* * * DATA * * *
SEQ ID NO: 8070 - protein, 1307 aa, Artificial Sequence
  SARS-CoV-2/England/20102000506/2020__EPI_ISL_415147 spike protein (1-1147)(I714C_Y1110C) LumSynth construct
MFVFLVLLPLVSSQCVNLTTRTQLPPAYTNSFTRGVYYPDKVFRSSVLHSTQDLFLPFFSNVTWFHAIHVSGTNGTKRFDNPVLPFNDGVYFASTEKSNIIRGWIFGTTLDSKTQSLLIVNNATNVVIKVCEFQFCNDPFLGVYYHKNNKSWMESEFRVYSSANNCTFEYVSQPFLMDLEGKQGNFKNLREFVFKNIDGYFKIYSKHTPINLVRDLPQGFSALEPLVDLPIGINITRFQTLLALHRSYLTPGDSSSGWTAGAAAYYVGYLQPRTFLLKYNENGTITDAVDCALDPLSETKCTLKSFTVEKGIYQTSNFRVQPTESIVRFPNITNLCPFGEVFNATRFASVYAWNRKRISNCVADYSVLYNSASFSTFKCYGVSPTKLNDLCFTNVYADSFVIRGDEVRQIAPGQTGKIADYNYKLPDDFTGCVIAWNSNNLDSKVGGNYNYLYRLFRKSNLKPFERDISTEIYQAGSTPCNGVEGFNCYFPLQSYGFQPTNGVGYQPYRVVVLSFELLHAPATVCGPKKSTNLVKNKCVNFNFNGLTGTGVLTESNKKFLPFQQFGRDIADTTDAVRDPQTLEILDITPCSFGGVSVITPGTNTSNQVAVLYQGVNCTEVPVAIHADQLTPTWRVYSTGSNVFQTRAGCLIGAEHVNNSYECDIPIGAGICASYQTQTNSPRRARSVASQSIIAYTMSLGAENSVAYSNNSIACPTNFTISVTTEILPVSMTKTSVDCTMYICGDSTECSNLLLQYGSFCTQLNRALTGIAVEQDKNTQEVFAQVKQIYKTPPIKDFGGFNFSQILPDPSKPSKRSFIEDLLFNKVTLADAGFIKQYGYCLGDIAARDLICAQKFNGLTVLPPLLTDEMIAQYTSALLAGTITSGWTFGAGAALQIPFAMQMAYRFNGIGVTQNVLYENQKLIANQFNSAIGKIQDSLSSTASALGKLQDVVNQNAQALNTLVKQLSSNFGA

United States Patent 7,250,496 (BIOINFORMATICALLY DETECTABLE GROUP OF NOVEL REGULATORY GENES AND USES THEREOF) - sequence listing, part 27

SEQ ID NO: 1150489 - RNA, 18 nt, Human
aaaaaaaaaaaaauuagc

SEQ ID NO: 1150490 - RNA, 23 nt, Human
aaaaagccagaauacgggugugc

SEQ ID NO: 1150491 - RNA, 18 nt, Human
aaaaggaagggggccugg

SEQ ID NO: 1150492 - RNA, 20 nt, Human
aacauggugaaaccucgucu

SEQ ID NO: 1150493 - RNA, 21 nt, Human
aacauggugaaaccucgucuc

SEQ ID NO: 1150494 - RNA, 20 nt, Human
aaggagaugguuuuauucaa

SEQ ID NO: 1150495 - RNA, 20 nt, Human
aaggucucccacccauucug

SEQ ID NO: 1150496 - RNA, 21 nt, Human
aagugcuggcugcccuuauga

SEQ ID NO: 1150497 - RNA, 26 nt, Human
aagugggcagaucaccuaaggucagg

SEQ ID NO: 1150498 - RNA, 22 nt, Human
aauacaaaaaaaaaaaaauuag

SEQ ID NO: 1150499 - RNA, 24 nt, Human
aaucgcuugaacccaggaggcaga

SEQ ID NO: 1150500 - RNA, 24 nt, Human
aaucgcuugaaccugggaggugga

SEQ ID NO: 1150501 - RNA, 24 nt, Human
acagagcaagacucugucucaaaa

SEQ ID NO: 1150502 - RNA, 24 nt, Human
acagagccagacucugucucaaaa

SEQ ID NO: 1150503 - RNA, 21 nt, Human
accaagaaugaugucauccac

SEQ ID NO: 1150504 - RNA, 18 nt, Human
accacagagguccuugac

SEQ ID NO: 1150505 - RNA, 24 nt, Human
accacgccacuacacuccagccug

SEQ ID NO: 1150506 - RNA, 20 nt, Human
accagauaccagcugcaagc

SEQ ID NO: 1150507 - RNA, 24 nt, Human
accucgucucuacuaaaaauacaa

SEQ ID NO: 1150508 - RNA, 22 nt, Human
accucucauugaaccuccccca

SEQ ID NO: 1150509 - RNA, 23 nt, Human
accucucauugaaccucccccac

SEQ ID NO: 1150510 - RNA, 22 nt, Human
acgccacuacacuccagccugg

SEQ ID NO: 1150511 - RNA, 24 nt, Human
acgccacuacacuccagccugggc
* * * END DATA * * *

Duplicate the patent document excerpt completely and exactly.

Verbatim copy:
SEQ ID NO: 8070 - protein, 1307 aa, Artificial Sequence
  SARS-CoV-2/England/20102000506/2020__EPI_ISL_415147 spike protein (1-1147)(I714C_Y1110C) LumSynth construct
MFVFLVLLPLVSSQCVNLTTRTQLPPAYTNSFTRGVYYPDKVFRSSVLHSTQDLFLPFFSNVTWFHAIHVSGTNGTKRFDNPVLPFNDGVYFASTEKSNIIRGWIFGTTLDSKTQSLLIVNNATNVVIKVCEFQFCNDPFLGVYYHKNNKSWMESEFRVYSSANNCTFEYVSQPFLMDLEGKQGNFKNLREFVFKNIDGYFKIYSKHTPINLVRDLPQGFSALEPLVDLPIGINITRFQTLLALHRSYLTPGDSSSGWTAGAAAYYVGYLQPRTFLLKYNENGTITDAVDCALDPLSETKCTLKSFTVEKGIYQTSNFRVQPTESIVRFPNITNLCPFGEVFNATRFASVYAWNRKRISNCVADYSVLYNSASFSTFKCYGVSPTKLNDLCFTNVYADSFVIRGDEVRQIAPGQTGKIADYNYKLPDDFTGCVIAWNSNNLDSKVGGNYNYLYRLFRKSNLKPFERDISTEIYQAGSTPCNGVEGFNCYFPLQSYGFQPTNGVGYQPYRVVVLSFELLHAPATVCGPKKSTNLVKNKCVNFNFNGLTGTGVLTESNKKFLPFQQFGRDIADTTDAVRDPQTLEILDITPCSFGGVSVITPGTNTSNQVAVLYQGVNCTEVPVAIHADQLTPTWRVYSTGSNVFQTRAGCLIGAEHVNNSYECDIPIGAGICASYQTQTNSPRRARSVASQSIIAYTMSLGAENSVAYSNNSIACPTNFTISVTTEILPVSMTKTSVDCTMYICGDSTECSNLLLQYGSFCTQLNRALTGIAVEQDKNTQEVFAQVKQIYKTPPIKDFGGFNFSQILPDPSKPSKRSFIEDLLFNKVTLADAGFIKQYGYCLGDIAARDLICAQKFNGLTVLPPLLTDEMIAQYTSALLAGTITSGWTFGAGAALQIPFAMQMAYRFNGIGVTQNVLYENQKLIANQFNSAIGKIQDSLSSTASALGKLQDVVNQNAQALNTLVKQLSSNFGA

United States Patent 7,250,496 (BIOINFORMATICALLY DETECTABLE GROUP OF NOVEL REGULATORY GENES AND USES THEREOF) - sequence listing, part 27

SEQ ID NO: 1150489 - RNA, 18 nt, Human
aaaaaaaaaaaaauuagc

SEQ ID NO: 1150490 - RNA, 23 nt, Human
aaaaagccagaauacgggugugc

SEQ ID NO: 1150491 - RNA, 18 nt, Human
aaaaggaagggggccugg

SEQ ID NO: 1150492 - RNA, 20 nt, Human
aacauggugaaaccucgucu

SEQ ID NO: 1150493 - RNA, 21 nt, Human
aacauggugaaaccucgucuc

SEQ ID NO: 1150494 - RNA, 20 nt, Human
aaggagaugguuuuauucaa

SEQ ID NO: 1150495 - RNA, 20 nt, Human
aaggucucccacccauucug

SEQ ID NO: 1150496 - RNA, 21 nt, Human
aagugcuggcugcccuuauga

SEQ ID NO: 1150497 - RNA, 26 nt, Human
aagugggcagaucaccuaaggucagg

SEQ ID NO: 1150498 - RNA, 22 nt, Human
aauacaaaaaaaaaaaaauuag

SEQ ID NO: 1150499 - RNA, 24 nt, Human
aaucgcuugaacccaggaggcaga

SEQ ID NO: 1150500 - RNA, 24 nt, Human
aaucgcuugaaccugggaggugga

SEQ ID NO: 1150501 - RNA, 24 nt, Human
acagagcaagacucugucucaaaa

SEQ ID NO: 1150502 - RNA, 24 nt, Human
acagagccagacucugucucaaaa

SEQ ID NO: 1150503 - RNA, 21 nt, Human
accaagaaugaugucauccac

SEQ ID NO: 1150504 - RNA, 18 nt, Human
accacagagguccuugac

SEQ ID NO: 1150505 - RNA, 24 nt, Human
accacgccacuacacuccagccug

SEQ ID NO: 1150506 - RNA, 20 nt, Human
accagauaccagcugcaagc

SEQ ID NO: 1150507 - RNA, 24 nt, Human
accucgucucuacuaaaaauacaa

SEQ ID NO: 1150508 - RNA, 22 nt, Human
accucucauugaaccuccccca

SEQ ID NO: 1150509 - RNA, 23 nt, Human
accucucauugaaccucccccac

SEQ ID NO: 1150510 - RNA, 22 nt, Human
acgccacuacacuccagccugg

SEQ ID NO: 1150511 - RNA, 24 nt, Human
acgccacuacacuccagccugggc